Hands outstretched, connecting himself to his subject, late photographer Gerardo Nigenda would bring his camera into focus, his fingers often making their way into the camera’s line of sight to appear in shot.
Born in Mexico City in 1967, Nigenda lost his sight at the age of 25, becoming a caretaker in his local library managing their braille books. Then going on to teach maths, computer science and braille at Desarrollo Integral de la Familia in Oaxaca where he spent most of his life, it wasn’t until he was 32 that he began his foray into photography. Using a Yashika pocket camera gifted to him by famed documentary photographer Mary Ellen Mark, he began capturing his sensory, sensual images.
His greyscale photographs overlaid with braille now sit alongside a carefully curated selection of work by fellow image-makers, entitled The Blind Photographer; his shots standing out for their arresting view of the female form. A poetic introduction to the work featured in the book describes “A subtle and sensuous poem in which the erotics of touch and presence, of anticipation and arousal, of sensual tactility, are discovered in a photography of touching tenderness.”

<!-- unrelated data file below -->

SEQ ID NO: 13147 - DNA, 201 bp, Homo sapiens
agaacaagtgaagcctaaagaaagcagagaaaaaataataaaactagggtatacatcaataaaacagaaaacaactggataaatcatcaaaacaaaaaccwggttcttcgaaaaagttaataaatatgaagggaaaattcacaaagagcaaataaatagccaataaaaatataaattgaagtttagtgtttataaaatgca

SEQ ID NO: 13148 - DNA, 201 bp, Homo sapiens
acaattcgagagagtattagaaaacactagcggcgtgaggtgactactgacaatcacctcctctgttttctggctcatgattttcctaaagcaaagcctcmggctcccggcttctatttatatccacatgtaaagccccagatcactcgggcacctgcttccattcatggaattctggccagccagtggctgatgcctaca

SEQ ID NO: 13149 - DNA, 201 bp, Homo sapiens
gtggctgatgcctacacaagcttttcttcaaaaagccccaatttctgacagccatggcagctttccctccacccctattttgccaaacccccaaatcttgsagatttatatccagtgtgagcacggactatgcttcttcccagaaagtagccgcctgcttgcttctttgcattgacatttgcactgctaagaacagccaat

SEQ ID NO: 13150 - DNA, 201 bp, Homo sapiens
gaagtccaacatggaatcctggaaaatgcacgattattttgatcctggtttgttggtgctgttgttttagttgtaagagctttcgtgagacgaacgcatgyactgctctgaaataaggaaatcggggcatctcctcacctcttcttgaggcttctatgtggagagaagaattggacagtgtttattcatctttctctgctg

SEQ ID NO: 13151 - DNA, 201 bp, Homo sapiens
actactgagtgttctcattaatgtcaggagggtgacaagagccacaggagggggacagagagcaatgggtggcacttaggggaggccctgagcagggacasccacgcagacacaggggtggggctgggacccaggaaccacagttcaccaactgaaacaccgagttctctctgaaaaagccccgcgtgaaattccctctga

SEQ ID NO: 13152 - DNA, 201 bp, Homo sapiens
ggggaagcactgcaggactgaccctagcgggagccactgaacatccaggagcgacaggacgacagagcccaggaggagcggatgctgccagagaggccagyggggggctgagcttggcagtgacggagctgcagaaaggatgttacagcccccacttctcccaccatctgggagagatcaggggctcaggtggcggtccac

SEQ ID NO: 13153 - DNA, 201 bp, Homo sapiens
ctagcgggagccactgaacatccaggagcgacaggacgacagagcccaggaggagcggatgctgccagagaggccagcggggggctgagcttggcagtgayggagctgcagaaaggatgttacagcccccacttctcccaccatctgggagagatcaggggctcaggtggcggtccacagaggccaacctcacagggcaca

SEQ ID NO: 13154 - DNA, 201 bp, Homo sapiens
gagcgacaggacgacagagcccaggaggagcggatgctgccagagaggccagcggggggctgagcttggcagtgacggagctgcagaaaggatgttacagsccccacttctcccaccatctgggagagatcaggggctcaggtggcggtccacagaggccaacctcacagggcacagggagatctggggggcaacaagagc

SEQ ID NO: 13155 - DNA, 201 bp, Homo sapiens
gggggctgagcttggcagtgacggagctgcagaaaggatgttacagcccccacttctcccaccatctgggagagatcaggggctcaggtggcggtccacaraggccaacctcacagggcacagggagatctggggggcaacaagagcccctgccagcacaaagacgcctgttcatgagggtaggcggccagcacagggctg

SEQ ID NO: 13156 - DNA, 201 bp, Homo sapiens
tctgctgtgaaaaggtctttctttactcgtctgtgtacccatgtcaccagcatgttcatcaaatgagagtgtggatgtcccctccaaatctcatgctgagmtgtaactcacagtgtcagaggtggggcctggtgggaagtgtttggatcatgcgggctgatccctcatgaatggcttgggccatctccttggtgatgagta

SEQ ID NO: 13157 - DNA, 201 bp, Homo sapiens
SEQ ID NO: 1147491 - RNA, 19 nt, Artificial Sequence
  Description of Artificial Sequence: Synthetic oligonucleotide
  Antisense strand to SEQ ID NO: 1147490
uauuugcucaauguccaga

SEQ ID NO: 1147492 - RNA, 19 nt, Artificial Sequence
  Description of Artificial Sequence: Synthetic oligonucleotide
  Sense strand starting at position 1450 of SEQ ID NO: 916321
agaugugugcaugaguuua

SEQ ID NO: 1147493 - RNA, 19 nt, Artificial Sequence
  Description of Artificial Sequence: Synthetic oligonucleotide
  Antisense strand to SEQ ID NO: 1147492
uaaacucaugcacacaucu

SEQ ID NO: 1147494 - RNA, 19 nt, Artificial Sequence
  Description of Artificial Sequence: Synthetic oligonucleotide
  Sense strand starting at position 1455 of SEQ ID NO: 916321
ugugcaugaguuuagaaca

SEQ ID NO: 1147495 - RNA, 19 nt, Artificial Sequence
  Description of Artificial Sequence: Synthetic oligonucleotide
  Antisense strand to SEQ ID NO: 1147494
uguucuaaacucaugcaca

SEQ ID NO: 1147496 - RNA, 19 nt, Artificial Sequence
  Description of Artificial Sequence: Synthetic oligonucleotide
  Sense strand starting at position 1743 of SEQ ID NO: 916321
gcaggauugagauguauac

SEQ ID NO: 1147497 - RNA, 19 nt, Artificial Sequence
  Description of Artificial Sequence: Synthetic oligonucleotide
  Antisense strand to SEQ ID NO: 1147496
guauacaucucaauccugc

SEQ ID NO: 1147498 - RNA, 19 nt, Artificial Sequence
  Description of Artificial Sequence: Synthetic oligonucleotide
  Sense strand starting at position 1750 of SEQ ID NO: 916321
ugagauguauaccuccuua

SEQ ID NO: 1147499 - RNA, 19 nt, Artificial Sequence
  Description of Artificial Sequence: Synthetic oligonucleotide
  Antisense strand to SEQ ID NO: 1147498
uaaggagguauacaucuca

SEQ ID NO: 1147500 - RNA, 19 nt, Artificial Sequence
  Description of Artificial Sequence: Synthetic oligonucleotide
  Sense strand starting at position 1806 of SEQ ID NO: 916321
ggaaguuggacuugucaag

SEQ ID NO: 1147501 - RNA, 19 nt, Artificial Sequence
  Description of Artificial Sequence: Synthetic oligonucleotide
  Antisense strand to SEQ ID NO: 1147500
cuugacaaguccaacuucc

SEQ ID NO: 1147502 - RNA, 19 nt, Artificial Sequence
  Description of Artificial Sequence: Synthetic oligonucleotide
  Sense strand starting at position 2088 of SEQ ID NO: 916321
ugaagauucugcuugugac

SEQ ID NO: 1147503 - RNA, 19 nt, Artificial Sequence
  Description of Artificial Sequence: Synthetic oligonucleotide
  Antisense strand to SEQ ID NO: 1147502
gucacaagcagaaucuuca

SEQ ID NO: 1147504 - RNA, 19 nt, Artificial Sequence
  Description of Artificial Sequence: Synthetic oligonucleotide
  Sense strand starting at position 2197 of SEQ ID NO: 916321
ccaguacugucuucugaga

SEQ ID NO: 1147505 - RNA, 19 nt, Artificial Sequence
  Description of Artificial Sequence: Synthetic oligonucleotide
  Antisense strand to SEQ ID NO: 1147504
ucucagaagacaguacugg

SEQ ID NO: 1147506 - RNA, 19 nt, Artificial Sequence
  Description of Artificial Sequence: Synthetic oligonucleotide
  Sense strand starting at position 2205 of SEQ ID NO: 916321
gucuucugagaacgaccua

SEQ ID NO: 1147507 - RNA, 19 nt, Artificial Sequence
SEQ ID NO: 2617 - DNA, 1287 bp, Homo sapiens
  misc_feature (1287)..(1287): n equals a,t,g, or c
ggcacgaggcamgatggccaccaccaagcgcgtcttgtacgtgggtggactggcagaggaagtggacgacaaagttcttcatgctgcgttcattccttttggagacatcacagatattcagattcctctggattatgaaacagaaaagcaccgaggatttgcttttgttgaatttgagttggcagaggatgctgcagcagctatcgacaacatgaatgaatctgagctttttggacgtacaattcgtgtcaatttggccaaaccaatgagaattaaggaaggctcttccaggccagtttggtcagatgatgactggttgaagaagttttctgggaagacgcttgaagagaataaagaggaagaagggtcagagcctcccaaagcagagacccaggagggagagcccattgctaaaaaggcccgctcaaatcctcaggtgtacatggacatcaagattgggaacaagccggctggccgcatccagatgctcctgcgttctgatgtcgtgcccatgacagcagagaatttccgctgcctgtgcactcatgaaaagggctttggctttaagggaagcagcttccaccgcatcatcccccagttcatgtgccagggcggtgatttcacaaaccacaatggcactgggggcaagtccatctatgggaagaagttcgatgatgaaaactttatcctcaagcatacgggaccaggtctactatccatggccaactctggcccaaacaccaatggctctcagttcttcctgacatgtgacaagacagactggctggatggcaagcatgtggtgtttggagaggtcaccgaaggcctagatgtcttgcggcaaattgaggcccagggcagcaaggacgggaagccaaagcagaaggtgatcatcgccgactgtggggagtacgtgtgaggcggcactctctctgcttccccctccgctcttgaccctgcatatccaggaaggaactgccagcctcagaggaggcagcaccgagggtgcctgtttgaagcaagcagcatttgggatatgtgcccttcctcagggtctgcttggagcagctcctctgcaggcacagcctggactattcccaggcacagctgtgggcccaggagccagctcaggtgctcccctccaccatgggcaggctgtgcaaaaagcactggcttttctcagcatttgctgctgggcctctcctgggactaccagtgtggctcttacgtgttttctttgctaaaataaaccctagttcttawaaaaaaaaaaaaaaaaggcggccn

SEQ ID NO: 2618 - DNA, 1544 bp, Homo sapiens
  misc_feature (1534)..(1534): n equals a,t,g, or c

With work from photographers spanning Mexico, India, China and the UK, the collection – and indeed each photographer appearing within – challenges expectation and assumption of how it is possible to perceive the world. In Sight of Emotion, a short film detailing the lives of Nigenda and other blind photographers in his native Mexico, the role that these photographers play is defined. “The involvement of the blind in photography is very important because it serves as a sort of antidote against blindness – not of the blind, but of those who can see!” By showcasing a broad spectrum of light, perspective, and artistic intent, the photographs embody the task undertaken by the photographer when shooting their work. “It’s important to note that the book is not ‘about’ the blind, but it will provoke the sighted to imagine more fully the human condition of those who are visually impaired.”